Furthermore, on the same page, Rose reminds his readers that “the link between flood mythology and marine incursion into the Arabo-Persian Gulf basin has already been explored by a number of authors” and then he lists several. The “Eridu genesis” account, the oldest flood myth in the region, came from the inhabitants around the Gulf. The timing of this corresponds to the inundation of the Gulf Oasis with the Indian Ocean around “8000 years ago.” (paragraph 5)


    Sea levels during the last Ice Age; notice the missing Persian Gulf in the upper left corner. (NOAA, March 2020)
    In 2015 and 2016, Rose and others published several papers that support this idea. In these articles, the hypothesis that the people groups in southern Arabia were local and independent from the people groups in the Levant was bolstered. These people had developed their own style in tool-making, had unique genetic mutations, and were probably there since around 13,000 years ago or earlier. [1][2][3]



    There have also been some amazing work on the Paleolithic climate in the region around the Gulf Oasis that demonstrate uncanny similarities flood myths in the Middle East. In the video, Rose and Rowe discuss at length the possibility of a massive cyclone, spawned by the rapid rise in sudden global temperatures at the end of the Ice Age, making it through the Straight of Hormuz from the Indian Ocean into the depression that housed the Arabo-Persian Gulf Oasis. This is also bolstered by Bastawesy’s 2014 paper indicating a massive flood took place in the Arabian peninsula some time between 13,000 and 8,500 years ago. This would fit the description of Noah’s flood very well.

    This whole line of inquiry and discovery has demonstrated incredible confirmation of the early Holocene context that birthed the oral traditions found in Genesis. In 2021, Dr. Rose will release his new book “Introduction to Human Prehistory in Arabia: The Lost World of the Southern Crescent,” and I can’t wait to pore through it.

    If you’re intrigued by all this, stay tuned. Exciting things are popping up in recent archaeology that are shedding light on many questions that Christians have surrounding the Genesis accounts.

    Can’t wait to share more!
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    Lactose Persistence rs3213871 rs4988243 rs4988183 rs3769005 rs2236783
    found -> DA125, Kangju

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    Scientific studies now active in the Persian Gulf area

    https://www.youtube.com/watch?v=5eq-Jyb4bPw


    The seabed around the world has proven to be an archaeological treasure trove, consistently yielding items that are rewriting history books and filling museums.

    The Arabian Gulf has one of the longest and richest seafaring traditions anywhere in the world. Prior to 8,000 years ago sea levels were considerably lower and the land to the north of the Emirates was an open and potentially fertile landscape. This landscape is an untapped resource, offering the prospect of not only ancient wrecks, but discoveries from the distant prehistoric submerged landscape of Abu Dhabi.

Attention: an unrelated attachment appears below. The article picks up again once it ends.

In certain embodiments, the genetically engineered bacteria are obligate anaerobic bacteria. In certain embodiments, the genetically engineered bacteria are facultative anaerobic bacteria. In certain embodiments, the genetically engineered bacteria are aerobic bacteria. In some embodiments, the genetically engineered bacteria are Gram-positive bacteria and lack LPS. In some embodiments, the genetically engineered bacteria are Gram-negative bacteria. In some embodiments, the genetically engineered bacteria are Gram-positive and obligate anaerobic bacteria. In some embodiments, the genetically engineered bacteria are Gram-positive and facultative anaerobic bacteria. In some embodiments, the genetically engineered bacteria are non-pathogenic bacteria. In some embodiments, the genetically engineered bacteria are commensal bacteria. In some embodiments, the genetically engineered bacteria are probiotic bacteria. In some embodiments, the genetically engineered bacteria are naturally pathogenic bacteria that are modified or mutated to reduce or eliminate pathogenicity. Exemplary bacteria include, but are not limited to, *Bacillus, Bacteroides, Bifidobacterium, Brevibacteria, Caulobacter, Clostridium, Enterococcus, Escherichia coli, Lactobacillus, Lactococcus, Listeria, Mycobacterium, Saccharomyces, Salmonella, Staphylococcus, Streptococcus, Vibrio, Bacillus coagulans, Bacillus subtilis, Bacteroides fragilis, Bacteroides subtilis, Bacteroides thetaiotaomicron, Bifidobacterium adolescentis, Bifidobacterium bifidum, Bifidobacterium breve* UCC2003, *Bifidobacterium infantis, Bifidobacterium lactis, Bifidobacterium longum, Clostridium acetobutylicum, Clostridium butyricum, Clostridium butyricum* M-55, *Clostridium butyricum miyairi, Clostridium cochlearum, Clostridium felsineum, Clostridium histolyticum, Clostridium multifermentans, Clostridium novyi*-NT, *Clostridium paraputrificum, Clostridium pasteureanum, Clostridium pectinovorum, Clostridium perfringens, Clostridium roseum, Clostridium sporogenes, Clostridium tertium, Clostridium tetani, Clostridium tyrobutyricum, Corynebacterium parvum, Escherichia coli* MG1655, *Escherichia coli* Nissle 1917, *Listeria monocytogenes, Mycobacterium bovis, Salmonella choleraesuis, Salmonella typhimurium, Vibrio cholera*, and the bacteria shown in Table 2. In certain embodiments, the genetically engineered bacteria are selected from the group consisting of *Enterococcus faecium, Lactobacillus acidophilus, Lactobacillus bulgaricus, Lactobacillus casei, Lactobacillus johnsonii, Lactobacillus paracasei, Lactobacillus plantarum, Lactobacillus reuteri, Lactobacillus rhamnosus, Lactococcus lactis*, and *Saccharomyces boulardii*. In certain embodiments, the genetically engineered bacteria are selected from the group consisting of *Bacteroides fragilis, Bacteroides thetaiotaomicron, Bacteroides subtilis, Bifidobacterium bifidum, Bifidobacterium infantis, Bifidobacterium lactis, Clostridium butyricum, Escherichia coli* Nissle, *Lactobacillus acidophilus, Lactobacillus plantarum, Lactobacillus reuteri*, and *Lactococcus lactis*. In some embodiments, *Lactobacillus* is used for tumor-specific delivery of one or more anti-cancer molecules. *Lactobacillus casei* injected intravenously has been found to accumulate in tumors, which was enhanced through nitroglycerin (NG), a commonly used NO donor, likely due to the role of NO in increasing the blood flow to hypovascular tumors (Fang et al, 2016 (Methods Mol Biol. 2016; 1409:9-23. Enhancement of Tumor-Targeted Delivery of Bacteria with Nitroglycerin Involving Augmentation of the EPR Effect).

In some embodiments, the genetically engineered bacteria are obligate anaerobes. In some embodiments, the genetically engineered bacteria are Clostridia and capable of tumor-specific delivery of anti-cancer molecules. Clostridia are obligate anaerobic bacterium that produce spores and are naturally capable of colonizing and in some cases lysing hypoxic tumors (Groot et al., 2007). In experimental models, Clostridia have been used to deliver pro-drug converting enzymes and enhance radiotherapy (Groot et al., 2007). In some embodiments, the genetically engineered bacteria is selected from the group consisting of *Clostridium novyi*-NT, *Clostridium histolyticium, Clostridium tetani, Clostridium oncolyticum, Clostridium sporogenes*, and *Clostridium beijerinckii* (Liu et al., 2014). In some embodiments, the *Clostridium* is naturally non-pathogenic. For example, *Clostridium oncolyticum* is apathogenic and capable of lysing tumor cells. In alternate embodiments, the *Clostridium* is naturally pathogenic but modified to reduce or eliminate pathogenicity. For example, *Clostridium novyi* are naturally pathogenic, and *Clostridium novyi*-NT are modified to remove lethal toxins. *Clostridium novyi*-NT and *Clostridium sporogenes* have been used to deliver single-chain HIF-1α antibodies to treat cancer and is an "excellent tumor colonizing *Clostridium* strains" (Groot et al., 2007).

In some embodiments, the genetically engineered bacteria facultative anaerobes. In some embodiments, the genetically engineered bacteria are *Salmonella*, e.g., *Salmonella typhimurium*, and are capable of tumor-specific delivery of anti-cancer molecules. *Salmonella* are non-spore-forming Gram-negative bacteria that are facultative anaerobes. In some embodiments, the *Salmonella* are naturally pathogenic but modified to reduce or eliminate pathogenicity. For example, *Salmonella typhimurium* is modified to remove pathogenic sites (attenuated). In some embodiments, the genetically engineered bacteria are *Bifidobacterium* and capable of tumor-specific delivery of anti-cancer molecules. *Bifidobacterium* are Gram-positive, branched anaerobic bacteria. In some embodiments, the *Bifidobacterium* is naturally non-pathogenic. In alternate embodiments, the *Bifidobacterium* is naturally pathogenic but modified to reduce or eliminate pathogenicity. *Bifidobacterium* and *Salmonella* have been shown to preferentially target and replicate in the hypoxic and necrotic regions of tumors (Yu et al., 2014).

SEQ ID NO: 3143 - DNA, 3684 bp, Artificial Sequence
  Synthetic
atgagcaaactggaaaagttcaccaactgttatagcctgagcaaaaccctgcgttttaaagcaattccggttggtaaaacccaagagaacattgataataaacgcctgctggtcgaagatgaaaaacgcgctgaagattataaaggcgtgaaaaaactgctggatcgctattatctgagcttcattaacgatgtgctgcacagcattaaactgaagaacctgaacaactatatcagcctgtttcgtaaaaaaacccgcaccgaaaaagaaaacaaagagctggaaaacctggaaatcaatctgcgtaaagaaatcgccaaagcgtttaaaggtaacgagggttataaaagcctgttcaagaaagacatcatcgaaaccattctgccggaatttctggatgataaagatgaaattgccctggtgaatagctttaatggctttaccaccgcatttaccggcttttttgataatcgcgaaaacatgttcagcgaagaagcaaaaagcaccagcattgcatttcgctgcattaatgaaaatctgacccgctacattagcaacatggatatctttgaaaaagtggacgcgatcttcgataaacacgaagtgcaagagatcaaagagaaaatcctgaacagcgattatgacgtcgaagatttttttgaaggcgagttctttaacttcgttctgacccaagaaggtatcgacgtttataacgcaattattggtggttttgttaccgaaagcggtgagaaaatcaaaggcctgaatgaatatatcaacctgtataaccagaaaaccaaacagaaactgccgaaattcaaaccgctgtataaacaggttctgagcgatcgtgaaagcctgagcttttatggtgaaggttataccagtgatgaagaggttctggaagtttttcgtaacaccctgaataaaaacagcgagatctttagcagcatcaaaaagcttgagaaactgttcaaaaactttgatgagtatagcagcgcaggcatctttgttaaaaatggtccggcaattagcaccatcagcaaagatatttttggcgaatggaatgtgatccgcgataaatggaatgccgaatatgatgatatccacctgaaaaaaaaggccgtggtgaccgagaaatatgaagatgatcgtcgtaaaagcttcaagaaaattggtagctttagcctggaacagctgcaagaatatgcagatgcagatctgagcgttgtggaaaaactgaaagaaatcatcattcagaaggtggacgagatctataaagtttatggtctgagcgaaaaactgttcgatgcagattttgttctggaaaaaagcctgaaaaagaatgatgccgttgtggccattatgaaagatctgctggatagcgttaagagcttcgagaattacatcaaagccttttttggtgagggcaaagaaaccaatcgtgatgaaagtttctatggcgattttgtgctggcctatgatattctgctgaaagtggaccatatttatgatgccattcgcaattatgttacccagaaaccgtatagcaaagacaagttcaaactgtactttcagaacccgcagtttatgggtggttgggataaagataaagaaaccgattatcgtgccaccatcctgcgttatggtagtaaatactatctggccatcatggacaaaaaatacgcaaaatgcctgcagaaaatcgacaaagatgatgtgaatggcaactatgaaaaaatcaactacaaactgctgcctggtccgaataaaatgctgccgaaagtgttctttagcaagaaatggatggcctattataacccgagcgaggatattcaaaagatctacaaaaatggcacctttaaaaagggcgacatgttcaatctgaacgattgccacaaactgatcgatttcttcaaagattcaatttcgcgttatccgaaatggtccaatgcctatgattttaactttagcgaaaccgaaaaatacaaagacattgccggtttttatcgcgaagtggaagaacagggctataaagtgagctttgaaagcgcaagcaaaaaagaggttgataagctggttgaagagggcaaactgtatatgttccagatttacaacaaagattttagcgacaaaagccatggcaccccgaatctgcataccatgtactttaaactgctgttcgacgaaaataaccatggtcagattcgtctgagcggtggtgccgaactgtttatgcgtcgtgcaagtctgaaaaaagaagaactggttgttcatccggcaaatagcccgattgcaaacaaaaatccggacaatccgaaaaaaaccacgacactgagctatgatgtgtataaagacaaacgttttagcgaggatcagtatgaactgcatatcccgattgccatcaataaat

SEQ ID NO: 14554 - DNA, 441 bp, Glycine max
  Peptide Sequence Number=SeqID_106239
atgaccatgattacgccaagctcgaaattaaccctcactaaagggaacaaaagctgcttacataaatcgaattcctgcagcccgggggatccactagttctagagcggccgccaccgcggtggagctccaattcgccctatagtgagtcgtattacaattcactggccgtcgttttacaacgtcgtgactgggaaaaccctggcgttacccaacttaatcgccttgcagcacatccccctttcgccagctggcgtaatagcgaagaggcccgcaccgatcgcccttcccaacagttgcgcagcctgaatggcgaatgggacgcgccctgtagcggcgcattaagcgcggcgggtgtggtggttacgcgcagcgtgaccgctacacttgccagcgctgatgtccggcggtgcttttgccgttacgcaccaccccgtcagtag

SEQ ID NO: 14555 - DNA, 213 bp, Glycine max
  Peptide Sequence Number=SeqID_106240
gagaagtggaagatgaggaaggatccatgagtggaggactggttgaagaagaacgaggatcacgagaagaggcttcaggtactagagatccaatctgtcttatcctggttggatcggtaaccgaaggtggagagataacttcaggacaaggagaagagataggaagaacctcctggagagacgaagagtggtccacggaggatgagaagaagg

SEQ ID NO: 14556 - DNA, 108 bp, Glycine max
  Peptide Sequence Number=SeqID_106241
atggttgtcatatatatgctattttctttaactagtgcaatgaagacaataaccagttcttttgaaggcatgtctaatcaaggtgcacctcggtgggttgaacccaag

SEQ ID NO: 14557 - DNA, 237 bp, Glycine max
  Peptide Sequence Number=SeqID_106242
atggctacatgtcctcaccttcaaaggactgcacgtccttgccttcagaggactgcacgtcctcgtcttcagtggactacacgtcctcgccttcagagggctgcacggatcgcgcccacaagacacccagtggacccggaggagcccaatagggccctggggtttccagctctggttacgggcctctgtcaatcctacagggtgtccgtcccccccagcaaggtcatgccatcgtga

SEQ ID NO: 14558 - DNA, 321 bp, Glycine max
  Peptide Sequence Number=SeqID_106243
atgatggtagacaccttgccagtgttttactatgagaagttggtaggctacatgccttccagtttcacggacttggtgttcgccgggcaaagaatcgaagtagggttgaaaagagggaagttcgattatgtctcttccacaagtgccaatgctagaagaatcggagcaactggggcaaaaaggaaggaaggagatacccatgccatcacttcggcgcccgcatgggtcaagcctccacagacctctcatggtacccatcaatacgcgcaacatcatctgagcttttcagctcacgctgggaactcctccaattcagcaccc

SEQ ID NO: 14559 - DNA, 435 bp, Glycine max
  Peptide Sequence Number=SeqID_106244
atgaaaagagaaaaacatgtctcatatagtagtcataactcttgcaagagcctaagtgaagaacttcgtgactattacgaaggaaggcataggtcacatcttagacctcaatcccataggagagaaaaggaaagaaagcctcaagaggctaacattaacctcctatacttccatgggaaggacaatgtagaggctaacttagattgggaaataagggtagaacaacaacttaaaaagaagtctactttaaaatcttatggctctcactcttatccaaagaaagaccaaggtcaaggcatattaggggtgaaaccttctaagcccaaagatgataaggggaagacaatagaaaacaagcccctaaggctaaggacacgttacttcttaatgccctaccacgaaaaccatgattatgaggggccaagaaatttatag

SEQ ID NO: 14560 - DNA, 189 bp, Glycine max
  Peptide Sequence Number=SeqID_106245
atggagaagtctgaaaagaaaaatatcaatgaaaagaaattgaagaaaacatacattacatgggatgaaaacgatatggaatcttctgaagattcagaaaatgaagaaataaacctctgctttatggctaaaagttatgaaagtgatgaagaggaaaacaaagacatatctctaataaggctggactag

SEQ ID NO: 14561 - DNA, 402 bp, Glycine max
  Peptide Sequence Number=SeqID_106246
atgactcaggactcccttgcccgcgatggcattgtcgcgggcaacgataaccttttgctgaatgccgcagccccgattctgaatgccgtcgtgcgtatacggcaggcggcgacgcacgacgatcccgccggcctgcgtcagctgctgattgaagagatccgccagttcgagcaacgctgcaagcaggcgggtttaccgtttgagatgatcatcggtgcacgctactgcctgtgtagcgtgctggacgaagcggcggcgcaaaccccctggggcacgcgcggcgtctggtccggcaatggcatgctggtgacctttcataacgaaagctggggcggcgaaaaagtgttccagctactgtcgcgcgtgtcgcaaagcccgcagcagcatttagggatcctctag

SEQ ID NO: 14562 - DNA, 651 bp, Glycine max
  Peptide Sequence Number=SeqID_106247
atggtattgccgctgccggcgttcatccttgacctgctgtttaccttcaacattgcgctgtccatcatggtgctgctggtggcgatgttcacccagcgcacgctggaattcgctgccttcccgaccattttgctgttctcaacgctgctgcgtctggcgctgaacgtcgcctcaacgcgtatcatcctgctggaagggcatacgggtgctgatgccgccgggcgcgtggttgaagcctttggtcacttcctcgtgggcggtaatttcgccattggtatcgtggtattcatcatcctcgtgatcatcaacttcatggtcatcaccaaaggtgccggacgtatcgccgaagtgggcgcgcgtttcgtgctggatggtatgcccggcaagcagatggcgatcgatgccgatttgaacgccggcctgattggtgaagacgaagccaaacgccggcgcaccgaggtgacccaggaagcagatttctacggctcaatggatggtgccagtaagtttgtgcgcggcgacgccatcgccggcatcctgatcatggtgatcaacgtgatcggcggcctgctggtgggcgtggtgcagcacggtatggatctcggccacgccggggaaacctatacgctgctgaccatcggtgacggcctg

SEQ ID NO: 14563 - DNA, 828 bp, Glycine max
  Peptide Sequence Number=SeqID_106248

This talk delves into the intricacies surrounding the Arabian Gulf as it relates its' position as an archaeological treasure.

    Speaker
    Richard Cuttler, Archaeologist, Historic Environment Department, Department of Culture and Tourism (DCT)

    NYU Abu Dhabi
    NYUAD Institute aims to connect with and enrich the global community, through the talks, panel discussions, film screenings, and exhibitions it organises. Featuring renowned scholars, researchers, policymakers, and thought leaders who present topics of local and global significance.
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  7. #4
    I didn't read through everything but is this Dr Jeff Rose, Razib's old co-host on his podcast? It seems he was very busy in Dhofar and Salalah, here's hoping some DNA breaks through.

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    Interesting that he mentioned mitochondrial R and its possible connection to Basal Eurasian populations of Arabian Peninsula. Basal R in Ust Ishim 45000 ybp, but according to YFull, R0 (found among the Natufians), R1, R12, R14, R22, R23, R2 JT, R2 (present in Ganj Dareh Neolithic) R3, R30 (found in Shahr I Sokhta BA1), R31, R32, R4, R5, R6, R7, R8, R9 are all formed around 20,000 ybp. 28000-15000 ybp was also the time of glacial maxima and the dry period along side the drop in sea level which according to him is leading populations to these oasis type regions in the exposed Persian Gulf seabed.
    https://www.yfull.com/mtree/R/
    Last edited by Kapisa; 07-22-2021 at 01:54 AM.
     

    distance: 2.13
    sample: Kapisa (Kapisa)
    CG IVCp IRN Shahr I Sokhta BA2 I8728: 42.5
    Dzharkutan1 BA Average: 37.5
    Srubnaya Alakul MLBA Average: 17
    Chokhopani 2700BP Average: 3

    sample: Kapisa:Kapisa-Dad
    distance: 2.0944
    Shahr_I_Sokhta_BA2 I8728: 41.5
    Bustan_BA Average: 37
    Srubnaya_Alakul_MLBA Average: 19
    Chokhopani_2700BP Average: 2.5